While working on some press and Frequently Asked Questions (FAQ) pages this last month, I came across some texts that date back across the decade of Alabama Chanin. In reading and going over some of these texts, I thought it would be a good series to share on our Sustainable Design Tuesdays. Here is one of those texts about building a round company:

My goal with building designs – as I have built my company – is to make a sphere.  I strive to create a well-rounded, (w)holistic company that revolves around a central theme: sustainability of culture, environment, and community.

It has been over a decade since I started working on the company that Alabama Chanin has become today and I am often asked how I had the foresight to start a company based on the principles of sustainability and Slow Design. To this comment, I laughingly reply that I never intended to start a sustainable design company; I simply stumbled into it like the fool falling off the cliff. When I cut up those first t-shirts, I was doing something that I felt driven to do. I didn’t think of those garments as the basis of a business; they were simply pieces of clothing I wanted to wear and, perhaps more importantly, make. However, when I look back today, it all feels like a seamless and directed adventure into the realms of becoming a sustainable designer and manufacturer.

I am often invited to speak about this process and our resulting business model, as it has developed into an unusual one. However, truth be told, I have simply taken inspiration for our model from farmers and strive to build a zero waste company where the results of one production process become the fuel for another.

Our primary work is the business of designing and making clothing. And whether a dress calls for recycled t-shirts or locally grown, certified organic cotton, the designing and making of that product spurs our model. It was developed not by intention, but through process.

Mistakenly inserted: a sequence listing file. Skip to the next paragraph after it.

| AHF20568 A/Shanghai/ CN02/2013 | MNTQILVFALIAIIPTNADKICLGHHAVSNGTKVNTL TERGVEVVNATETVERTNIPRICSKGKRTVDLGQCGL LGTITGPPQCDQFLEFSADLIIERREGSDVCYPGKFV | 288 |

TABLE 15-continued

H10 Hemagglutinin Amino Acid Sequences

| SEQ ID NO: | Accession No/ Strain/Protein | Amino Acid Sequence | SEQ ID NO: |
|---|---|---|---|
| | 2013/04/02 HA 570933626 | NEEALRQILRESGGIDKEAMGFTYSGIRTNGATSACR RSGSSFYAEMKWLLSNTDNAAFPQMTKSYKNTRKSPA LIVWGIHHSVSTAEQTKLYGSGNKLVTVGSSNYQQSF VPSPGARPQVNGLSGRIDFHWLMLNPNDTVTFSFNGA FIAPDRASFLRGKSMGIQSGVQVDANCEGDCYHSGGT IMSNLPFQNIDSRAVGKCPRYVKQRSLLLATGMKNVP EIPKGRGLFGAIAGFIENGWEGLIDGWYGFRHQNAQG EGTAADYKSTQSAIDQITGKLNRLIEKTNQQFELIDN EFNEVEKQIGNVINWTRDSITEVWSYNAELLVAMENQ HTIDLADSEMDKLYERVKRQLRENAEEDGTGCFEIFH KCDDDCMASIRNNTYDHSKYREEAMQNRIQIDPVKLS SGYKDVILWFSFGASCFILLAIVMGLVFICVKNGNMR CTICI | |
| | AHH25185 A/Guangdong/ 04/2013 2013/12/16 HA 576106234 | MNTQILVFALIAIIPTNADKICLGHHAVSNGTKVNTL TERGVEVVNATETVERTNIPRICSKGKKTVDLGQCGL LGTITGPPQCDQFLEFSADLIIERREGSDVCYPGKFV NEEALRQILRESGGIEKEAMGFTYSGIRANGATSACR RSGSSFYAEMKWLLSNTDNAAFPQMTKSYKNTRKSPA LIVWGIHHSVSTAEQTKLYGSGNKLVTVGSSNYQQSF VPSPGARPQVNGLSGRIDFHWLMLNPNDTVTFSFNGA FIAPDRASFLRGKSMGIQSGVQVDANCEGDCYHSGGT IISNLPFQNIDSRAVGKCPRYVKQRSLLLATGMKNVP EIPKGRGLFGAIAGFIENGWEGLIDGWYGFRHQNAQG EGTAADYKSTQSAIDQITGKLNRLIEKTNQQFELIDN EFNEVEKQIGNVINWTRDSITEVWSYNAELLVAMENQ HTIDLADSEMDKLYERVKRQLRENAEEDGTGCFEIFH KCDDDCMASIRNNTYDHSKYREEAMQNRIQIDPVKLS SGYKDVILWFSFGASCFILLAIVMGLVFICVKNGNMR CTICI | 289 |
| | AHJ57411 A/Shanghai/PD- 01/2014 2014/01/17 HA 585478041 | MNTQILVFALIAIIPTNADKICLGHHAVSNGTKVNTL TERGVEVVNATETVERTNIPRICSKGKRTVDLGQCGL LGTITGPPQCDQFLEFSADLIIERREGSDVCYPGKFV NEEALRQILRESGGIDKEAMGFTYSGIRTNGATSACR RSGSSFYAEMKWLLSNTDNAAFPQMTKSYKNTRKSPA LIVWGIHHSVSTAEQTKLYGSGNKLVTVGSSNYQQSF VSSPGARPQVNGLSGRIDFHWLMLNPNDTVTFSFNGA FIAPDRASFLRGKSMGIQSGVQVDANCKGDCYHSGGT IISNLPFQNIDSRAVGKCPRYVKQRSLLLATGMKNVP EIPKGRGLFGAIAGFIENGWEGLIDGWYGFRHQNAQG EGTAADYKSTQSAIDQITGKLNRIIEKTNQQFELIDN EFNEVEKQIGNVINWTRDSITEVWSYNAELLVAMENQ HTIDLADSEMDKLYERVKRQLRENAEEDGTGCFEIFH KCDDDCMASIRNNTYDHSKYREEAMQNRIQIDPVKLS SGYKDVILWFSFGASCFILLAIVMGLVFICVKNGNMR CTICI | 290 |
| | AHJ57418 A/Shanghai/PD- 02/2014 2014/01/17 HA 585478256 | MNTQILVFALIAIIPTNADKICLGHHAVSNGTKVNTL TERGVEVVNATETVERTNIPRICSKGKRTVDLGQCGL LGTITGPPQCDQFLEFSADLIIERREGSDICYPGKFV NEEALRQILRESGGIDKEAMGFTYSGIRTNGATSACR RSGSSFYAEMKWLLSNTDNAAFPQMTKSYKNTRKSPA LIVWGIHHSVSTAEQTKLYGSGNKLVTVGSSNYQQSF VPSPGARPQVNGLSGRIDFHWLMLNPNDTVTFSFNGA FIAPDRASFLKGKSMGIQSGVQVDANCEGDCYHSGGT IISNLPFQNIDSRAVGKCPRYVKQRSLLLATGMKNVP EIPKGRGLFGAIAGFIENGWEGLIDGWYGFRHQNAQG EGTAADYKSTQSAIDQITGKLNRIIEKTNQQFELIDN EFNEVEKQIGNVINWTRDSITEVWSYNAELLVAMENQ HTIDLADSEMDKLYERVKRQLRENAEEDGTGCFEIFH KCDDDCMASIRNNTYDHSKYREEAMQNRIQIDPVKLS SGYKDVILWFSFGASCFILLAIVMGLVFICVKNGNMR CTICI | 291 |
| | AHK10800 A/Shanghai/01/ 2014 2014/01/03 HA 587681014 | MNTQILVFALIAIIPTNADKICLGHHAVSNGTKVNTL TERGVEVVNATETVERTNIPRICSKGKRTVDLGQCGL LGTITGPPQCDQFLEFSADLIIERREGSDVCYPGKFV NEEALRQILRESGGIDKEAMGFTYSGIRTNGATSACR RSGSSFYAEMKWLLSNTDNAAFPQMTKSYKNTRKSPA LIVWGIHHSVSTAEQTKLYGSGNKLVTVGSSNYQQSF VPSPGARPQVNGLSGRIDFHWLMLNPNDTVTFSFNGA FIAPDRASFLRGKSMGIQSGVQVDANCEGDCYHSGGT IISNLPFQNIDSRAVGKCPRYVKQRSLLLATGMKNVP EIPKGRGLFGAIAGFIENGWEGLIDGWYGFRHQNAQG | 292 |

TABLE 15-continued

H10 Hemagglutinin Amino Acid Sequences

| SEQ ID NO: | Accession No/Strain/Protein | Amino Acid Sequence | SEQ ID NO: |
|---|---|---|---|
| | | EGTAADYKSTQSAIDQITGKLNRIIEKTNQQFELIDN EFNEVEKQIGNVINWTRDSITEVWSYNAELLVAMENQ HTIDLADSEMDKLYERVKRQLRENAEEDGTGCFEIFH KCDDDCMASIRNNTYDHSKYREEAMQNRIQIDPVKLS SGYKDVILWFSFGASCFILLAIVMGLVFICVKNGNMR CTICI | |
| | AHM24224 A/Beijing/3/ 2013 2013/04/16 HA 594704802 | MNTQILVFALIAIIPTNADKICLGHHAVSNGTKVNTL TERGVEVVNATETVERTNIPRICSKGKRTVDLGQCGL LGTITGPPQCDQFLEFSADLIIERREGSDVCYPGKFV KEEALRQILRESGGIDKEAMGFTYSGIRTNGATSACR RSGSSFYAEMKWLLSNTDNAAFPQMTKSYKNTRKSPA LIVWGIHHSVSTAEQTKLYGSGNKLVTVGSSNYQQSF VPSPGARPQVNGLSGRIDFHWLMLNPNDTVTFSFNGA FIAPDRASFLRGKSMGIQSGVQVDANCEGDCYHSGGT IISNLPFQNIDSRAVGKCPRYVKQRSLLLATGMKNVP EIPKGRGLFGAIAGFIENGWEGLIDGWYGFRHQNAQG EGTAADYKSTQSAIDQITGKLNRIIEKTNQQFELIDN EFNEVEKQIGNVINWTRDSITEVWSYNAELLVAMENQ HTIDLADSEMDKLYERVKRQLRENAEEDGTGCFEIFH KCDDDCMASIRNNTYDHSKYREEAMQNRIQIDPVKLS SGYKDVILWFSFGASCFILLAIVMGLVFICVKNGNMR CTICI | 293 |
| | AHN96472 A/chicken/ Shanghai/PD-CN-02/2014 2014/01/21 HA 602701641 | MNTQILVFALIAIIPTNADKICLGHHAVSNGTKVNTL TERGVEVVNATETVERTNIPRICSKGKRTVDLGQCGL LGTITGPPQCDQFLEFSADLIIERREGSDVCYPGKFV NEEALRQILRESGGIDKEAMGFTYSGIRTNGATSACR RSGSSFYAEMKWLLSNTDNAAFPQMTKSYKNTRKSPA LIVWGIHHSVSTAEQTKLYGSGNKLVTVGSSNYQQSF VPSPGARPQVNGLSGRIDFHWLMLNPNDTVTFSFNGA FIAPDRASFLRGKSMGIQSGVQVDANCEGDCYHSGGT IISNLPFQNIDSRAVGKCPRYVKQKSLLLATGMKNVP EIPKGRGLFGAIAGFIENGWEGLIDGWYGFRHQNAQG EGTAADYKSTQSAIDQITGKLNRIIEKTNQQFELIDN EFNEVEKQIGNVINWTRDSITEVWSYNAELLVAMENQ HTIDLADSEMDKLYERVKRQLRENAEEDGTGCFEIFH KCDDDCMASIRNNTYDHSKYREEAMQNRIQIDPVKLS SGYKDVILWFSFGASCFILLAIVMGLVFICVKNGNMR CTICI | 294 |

Our hand-made ready-to-wear, custom couture, and bridal garments are the foundation of Alabama Chanin and sell to clients throughout the world. trunk shows – the core of this part of our business – are set up in cities around the United States; they allow clients to custom order our couture clothing, which is then made-to-order to each individual’s design specification.

Books of hand-embroidered fabric swatches and color cards are made available to each client and allow for ultimate flexibility and creativity in building a wardrobe. Each of these pieces is then custom cut, painted, and sewn without machines by one of our local artisans. Making clothing this way means that the garment our clients receive is unique and individual.

Alabama Chanin is a design-build company – which originated in architecture and construction industries. This simply means that we build – or manufacture – every piece of clothing that we design and sell. By consolidating our entire manufacturing process in-studio, we have narrowed delivery times, gained more control over our end product, and can build tighter, more fluid relationships with our suppliers AND customers. Each of our pieces is hand-cut, painted and packaged with all necessary materials for our artisans, allowing us the maximum possible flexibility.

Our cottage industry method of production provides project kits (similar to our DIY kits) to local artisans who are able to work from their own homes, run their own businesses, and be in charge of their own lives and families. Our pieces are cut and stenciled in our studio and prepared for embroideries and – in most cases – the construction of the garments. These embroideries are then executed by artisans living within about an hour and a half of our studio. It has been an important mission of Alabama Chanin to bring as much work as possible into our community and to our artisans – who also hold themselves available to work for other designers. This open work/open source philosophy is a goal that we strive to achieve every day and all of our products (as well as many of our supplies) are MADE IN THE USA.